Dhoti dynamics

“If Shahrukh Khan can do a lungi dance, why can’t we do a dhoti dance,” laughs Karthik Mahesh, a 23-year-old IT executive. “It’s tricky, though, to shake a leg in the standard four-yard dhoti. There’s always the risk of it unravelling. Try the panchakacham instead; you could even do Michael Jackson's moonwalk in it. I have tried it at a veshti party,” he says, adding how his friend and he tied it in a slightly modified way with the help of Karthik’s uncle, who wears it every day for his early morning temple visits. “We had to sneak out of my house before my mother could see us, since you are not supposed to wear a panchakacham before marriage,” he laughs again.

For well-known bass guitarist Paul Jacob, the dhoti is an integral aspect of his musical oeuvre. “It’s like an extension of myself when I am on stage; a way of expression,” says Paul, who began to sport it in bright hues and attractive prints as part of the band Funky Bodhi when it was launched in 1997. “The members wanted to make a statement not just with their sound but outfits too. Thus began my experimental tryst with dhotis. I am very comfortable, whether in a four-yard or a panchakacham. In fact, I try wearing it in different styles according to the performance setting. I remember when travelling across Rajasthan and Gujarat for concerts, I learnt to tie it the way it is done in those parts in bandhani fabric.”

Internationally-acclaimed designers Abraham and Thakore’s dhoti line that was on display at Amethyst recently is proof of the traditional garment’s growing popularity among new-age fashionistas and its versatility in terms of styling. “The vocabulary of today’s youngsters seems to embrace many old-world elements, with the dhoti being part of it,” says Rakesh Thakore. Apart from its ethnic charm and identity, Rakesh feels that the lightness of the fabric makes it suitable for the Indian climate, especially down south. “Also, its unstitched character gives designers enough freedom to play around with the drape. By giving it a contemporary tweak, you can enjoy the best of both worlds.”

And if you thought that the dhoti is only for men, look at fashion runways closely. There are dhoti pants, dhoti saris, dhoti salwars, dhoti maxi dresses, dhoti jumpsuits and more.

You could pair them with crop tops, quirky printed tees, asymmetrical kurtas, kimono tops, and embellished cropped jackets for a fun look or with angarkhas for a classy touch.

“And the inventive range for both men and women don’t come just in white and mul. We experiment extensively with colours and fabrics to come up with new designs and patterns,” explains Rakesh.

It is people’s open-minded approach to style that has inspired designer Sagar Tenali to come up with his Turkey collection this Ramzan season. “Today’s globe-trotting youngsters are equally rooted when it comes to culture. I feel it’s a wonderful time to be a designer when you have so much to draw from around the world, to revive what is your own and cater to contemporary sensibilities. That is the reason I have introduced the Turki achkan with some minor tweaks and I am delighted with the response particularly from youngsters,” says Sagar, about this variety of the dhoti.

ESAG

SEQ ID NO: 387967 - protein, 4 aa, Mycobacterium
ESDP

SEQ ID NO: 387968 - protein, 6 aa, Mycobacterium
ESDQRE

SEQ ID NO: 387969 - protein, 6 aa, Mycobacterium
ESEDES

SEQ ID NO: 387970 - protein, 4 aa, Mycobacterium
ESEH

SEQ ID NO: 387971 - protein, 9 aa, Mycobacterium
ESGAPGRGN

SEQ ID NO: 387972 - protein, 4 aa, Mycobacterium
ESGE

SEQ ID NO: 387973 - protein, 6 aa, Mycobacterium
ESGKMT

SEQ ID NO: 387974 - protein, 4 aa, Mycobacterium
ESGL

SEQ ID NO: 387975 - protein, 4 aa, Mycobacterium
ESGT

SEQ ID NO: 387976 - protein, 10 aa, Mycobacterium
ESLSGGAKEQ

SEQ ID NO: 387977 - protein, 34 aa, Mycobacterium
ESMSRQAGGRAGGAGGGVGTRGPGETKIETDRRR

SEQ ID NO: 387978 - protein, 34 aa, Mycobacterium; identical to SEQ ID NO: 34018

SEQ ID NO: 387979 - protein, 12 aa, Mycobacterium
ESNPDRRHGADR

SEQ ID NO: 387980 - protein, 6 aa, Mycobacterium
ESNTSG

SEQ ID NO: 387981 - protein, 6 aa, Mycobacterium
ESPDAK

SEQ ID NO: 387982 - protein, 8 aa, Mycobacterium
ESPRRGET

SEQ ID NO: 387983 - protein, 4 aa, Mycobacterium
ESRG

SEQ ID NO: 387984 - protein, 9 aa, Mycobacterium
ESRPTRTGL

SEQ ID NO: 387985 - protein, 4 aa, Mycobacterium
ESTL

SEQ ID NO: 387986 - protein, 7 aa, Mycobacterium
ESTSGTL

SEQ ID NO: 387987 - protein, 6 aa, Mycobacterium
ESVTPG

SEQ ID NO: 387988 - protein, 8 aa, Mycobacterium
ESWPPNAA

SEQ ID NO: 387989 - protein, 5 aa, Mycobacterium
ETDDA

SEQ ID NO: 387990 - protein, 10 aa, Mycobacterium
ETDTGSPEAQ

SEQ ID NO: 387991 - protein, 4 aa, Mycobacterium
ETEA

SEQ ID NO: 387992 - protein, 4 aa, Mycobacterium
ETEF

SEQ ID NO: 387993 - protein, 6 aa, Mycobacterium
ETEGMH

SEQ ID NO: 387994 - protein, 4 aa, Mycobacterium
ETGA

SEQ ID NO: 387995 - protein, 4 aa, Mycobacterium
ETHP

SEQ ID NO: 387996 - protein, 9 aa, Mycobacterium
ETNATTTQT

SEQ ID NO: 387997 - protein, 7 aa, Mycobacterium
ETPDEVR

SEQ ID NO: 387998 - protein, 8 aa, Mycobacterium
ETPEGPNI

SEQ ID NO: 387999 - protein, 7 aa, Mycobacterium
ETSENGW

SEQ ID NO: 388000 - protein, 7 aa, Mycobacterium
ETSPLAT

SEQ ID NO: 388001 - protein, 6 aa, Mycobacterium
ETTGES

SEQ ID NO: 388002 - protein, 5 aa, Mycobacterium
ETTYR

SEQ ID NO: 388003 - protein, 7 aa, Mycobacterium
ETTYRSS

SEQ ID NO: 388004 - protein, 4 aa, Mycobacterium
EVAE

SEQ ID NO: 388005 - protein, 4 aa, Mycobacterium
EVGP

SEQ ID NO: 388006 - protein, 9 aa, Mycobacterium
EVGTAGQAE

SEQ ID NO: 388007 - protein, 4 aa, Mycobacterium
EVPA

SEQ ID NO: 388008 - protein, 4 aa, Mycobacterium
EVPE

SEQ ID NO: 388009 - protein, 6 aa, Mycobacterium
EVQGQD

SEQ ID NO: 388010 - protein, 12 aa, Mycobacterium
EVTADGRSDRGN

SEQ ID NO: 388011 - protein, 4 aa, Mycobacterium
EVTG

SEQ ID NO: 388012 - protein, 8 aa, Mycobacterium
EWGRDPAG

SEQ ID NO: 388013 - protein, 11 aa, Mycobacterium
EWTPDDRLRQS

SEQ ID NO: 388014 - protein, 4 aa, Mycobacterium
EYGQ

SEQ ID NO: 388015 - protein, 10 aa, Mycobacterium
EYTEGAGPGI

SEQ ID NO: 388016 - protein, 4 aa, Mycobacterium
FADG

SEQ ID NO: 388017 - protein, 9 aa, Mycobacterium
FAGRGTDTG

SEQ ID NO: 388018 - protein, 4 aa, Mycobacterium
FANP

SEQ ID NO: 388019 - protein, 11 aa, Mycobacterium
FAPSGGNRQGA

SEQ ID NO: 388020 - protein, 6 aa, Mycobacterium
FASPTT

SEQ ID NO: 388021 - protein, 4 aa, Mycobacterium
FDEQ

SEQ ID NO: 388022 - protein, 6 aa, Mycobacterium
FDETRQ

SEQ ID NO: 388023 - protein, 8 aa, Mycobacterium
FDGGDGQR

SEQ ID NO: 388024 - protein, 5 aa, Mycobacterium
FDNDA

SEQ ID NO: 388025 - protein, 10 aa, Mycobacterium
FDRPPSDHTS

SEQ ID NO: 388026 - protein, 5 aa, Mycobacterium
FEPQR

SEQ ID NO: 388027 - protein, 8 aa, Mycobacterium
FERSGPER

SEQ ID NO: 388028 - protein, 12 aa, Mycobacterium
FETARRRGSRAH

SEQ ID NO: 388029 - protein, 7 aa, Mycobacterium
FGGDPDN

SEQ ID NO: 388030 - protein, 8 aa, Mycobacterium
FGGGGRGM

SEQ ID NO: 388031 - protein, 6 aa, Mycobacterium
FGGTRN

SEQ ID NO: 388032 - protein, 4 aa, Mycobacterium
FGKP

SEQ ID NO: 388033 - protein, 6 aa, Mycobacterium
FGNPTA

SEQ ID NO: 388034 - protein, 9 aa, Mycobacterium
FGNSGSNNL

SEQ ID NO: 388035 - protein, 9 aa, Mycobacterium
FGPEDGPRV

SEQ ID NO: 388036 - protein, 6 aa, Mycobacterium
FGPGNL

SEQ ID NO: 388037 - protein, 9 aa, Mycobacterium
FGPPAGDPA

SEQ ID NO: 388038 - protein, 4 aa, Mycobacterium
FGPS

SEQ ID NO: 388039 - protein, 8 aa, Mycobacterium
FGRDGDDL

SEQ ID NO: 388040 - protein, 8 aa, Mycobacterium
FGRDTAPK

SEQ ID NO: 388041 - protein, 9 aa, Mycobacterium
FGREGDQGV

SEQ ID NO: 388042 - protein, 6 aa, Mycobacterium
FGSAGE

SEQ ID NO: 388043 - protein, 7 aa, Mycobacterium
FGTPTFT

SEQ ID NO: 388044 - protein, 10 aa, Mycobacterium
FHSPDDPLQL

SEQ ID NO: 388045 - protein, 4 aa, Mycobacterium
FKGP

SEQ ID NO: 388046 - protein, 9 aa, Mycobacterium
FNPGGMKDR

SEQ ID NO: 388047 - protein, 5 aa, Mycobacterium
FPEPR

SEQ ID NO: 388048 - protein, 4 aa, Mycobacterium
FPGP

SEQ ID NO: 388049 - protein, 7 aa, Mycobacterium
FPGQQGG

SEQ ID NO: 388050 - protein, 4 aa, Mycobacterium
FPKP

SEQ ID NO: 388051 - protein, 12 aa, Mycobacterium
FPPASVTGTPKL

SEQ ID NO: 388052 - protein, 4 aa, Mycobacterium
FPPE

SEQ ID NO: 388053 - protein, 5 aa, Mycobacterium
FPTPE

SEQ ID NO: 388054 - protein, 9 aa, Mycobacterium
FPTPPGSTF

Historian Pradeep Chakravarthy discovered the elegance and comfort of panchakacham once he began wearing it more often than just during festivals and ceremonies. “Initially I used to fumble getting the three pleats on the right and four on the left correctly, but not any more. In fact, I feel the panchakacham gives you more freedom of movement than the regular veshti. I team it with half-thigh shirts. Just the other day, I travelled to Thanjavur, spent an entire day there visiting places and returned — all this in a panchakacham,” says Pradeep, who feels that it would be better if the veshtis come in a slightly denser weave than the see-through ones commonly available in the market.

One of the highlights of ace designer Anju Modi’s much-celebrated collection, on and off the ramp, Manikarnika, was the dhoti. Capturing the essence of Indian craft techniques, the couturier revived the dhoti in her signature style. She created enough drama by combining it with full-sleeved jackets, blazers, ties and bandhgalas.

Kolkata-based Sharbari Dutta, who has been specialising in menswear since 1991, is known for her label of dhotis that are a favourite of many celebrities and politicians. “You know, when I first introduced the Bengali varieties of kocha and chunnat dhotis in colour, with zari or embroidered borders, people mocked me. But now I am having the last laugh with so many designers and stores coming up with a similar range,” says Sharbari, who has revived not just the dhoti-tradition, but has also made the garment appealing to modern-day men, with her imagination.

“There are several varieties of dhoti now, including the ready-to-wear,” says Sharbari. “There are those that are quite functional while others that are best-suited for formal occasions. Kirron Kher’s son Sikander wore one of my dhotis for his wedding, and composer Bappi Lahiri, as well, for his son’s marriage. Designers Prasad Bidapa and Wendell Rodricks too love my creations.” Writer Shobhaa De’s husband Dilip is a Sharbari label loyalist. “I remember him telling me how he stood out in his black dhoti among the huge crowd of headbangers when MJ came to perform in Mumbai,” she laughs, adding, “Pop show or puja, dhoti is a timeless Indian drape.”

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Printable version | Jun 17, 2021 3:28:24 AM |

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